40. Managi S, Hibiki A, Tsurumi T (2008) Does trade liberalization reduce pollution emissions. Discussion papers, Research Institute of Economy, Trade and Industry (RIETI), TokyoGoogle Scholar
  41. Meng B, Peters GP, Wang Z, Li M (2018) Tracing CO2 emissions in global value chains. Energy Econ 73:24–42Google Scholar
  42. Naranpanawa A (2011) Does trade openness promote carbon emissions? Empirical evidence from Sri Lanka. EEL 10(10):973–986Google Scholar
  43. Narayan PK, Narayan S (2010) Carbon dioxide emissions and economic growth: panel data evidence from developing countries. Energy Policy 38(1):661–666Google Scholar
  44. Nasir M, Rehman FU (2011) Environmental Kuznets curve for carbon emissions in Pakistan: an empirical investigation. Energy Policy 39(3):1857–1864Google Scholar
  45. Noguera G (2012) Trade costs and gravity for gross and value added trade. Job Market Paper, Columbia University, New YorkGoogle Scholar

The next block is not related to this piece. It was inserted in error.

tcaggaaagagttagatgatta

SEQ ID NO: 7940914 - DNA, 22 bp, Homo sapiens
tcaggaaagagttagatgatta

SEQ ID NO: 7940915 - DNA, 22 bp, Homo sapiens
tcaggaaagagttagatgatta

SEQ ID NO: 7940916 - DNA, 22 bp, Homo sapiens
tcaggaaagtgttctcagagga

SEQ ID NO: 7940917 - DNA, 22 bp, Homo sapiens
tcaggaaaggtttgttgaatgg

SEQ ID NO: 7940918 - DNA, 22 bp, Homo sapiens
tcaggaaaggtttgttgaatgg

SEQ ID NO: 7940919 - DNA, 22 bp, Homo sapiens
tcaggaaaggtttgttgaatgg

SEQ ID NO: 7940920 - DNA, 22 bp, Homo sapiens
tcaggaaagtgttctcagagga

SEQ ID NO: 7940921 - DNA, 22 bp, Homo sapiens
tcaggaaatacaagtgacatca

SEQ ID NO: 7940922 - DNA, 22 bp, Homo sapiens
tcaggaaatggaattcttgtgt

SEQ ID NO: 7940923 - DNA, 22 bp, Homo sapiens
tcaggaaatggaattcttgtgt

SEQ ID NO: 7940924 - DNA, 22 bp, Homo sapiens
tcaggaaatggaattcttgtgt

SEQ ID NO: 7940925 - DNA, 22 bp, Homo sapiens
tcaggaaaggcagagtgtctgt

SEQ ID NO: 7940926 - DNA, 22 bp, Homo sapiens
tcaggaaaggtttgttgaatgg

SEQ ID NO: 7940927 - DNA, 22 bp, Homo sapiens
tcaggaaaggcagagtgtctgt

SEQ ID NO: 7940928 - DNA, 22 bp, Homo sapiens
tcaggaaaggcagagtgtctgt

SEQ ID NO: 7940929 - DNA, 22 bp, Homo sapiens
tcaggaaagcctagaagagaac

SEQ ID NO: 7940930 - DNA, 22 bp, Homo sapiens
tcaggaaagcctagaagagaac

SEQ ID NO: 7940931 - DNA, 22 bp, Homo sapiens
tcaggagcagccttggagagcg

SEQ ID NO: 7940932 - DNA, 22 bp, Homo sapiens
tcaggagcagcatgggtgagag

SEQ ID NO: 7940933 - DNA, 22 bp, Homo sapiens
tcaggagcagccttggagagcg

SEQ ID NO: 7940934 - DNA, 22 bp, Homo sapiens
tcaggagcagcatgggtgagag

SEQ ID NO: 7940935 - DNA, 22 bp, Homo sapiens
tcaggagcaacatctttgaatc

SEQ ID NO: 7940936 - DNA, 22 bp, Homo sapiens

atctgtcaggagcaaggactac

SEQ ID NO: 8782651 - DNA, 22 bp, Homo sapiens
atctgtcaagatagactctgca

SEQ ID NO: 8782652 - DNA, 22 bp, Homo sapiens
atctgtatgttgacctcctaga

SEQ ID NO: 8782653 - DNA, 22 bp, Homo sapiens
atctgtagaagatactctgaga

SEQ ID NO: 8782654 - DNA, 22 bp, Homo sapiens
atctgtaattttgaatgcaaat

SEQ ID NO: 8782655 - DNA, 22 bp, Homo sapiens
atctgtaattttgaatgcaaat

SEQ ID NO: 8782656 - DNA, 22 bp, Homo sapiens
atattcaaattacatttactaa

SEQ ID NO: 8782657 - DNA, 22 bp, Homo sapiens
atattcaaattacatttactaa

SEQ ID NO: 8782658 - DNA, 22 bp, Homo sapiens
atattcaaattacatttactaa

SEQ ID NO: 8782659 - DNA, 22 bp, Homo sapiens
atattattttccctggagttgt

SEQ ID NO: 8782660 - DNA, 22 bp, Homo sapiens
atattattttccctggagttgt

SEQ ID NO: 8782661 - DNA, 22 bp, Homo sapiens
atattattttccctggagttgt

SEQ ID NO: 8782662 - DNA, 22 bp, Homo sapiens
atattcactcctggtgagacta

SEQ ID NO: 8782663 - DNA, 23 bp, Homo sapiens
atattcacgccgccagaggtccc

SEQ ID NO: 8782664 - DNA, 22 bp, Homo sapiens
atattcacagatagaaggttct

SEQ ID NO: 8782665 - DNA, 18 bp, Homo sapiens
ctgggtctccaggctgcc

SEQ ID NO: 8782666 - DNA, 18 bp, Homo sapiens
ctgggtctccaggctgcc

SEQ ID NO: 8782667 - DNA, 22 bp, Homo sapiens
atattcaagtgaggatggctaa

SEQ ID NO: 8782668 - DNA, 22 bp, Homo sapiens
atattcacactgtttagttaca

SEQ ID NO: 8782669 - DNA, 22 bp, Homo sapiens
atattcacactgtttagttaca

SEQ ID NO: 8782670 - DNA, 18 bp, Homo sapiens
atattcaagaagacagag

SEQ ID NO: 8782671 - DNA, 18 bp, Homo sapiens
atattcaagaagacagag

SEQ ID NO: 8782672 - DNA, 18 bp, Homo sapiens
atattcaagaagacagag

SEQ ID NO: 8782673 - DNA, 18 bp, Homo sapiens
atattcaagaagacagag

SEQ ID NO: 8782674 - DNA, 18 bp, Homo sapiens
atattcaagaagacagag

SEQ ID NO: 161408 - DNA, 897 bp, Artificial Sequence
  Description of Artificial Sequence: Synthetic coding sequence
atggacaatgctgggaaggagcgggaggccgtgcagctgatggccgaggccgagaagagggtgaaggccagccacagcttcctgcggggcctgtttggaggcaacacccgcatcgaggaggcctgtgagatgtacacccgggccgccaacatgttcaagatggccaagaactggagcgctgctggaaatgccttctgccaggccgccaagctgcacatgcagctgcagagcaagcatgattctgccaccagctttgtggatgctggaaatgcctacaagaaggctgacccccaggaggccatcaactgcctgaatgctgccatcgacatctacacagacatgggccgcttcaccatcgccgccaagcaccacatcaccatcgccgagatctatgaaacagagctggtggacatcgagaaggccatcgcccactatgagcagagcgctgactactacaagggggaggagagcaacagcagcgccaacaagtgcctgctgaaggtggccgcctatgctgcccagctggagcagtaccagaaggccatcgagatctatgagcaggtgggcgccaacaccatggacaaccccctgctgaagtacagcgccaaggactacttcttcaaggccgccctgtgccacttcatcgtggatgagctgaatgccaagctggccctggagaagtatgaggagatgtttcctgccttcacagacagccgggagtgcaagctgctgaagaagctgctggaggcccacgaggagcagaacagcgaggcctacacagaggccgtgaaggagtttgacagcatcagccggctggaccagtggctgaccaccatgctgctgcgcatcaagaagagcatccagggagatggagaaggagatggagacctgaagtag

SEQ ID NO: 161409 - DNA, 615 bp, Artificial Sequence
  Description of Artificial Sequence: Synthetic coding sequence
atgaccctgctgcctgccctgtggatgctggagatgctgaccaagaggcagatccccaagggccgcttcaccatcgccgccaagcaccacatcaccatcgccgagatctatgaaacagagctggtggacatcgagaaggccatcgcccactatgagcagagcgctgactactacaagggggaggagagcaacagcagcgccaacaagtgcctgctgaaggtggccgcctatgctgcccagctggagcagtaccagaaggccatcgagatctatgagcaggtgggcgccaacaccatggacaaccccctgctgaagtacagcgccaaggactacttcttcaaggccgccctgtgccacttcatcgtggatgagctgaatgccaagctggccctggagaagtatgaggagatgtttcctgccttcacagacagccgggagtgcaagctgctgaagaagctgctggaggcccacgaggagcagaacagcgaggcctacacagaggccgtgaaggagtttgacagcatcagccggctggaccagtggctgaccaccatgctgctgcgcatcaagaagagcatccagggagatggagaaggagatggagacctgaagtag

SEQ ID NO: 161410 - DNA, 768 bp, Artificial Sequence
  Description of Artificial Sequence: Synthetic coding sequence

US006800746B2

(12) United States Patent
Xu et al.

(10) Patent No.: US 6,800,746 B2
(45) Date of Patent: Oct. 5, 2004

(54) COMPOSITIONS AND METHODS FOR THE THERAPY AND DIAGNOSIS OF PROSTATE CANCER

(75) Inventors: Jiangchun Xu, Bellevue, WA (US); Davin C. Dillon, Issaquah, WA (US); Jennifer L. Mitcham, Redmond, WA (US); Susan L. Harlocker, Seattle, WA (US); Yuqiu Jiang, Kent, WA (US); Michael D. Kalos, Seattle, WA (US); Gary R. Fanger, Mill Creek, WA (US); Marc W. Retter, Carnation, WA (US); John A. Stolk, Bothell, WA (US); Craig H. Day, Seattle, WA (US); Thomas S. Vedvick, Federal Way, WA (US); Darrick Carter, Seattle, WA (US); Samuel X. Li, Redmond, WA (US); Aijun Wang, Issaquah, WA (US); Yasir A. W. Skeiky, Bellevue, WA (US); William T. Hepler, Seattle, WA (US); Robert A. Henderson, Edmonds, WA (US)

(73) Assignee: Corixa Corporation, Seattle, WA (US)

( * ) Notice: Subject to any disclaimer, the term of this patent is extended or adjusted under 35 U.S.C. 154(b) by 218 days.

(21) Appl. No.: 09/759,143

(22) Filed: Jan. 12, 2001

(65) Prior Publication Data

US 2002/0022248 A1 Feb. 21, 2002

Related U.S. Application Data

46. Ozturk I, Acaravci A (2013) The long-run and causal analysis of energy, growth, openness and financial development on carbon emissions in Turkey. Energy Econ 36:262–267Google Scholar
  47. Panayotou T (1993) Empirical tests and policy analysis of environmental degradation at different stages of economic development. Working Paper, Technology and Employment Programme, International Labor Office, GenevaGoogle Scholar
  48. Patrick DL, Murray TP, Sullivan RK, Kimmell KL (2015) Health & environmental effects of air pollution.
  49. Pedroni P (1999) Critical values for cointegration tests in heterogeneous panels with multiple regressors. Oxf Bull Econ Stat 61(S1):653–670Google Scholar
  50. Pedroni P (2004) Panel cointegration: asymptotic and finite sample properties of pooled time series tests with an application to the PPP hypothesis. Econometric theory 20(3):597–625Google Scholar
  51. Pedroni P (2001) Purchasing power parity tests in cointegrated panels, no 2001-01, Department of Economics Working Papers, Department of Economics, Williams CollegeGoogle Scholar
  52. Pedroni P (2007) Social capital, barriers to production and capital shares: implications for the importance of parameter heterogeneity from a nonstationary panel approach. J Appl Econ 22(2):429–451Google Scholar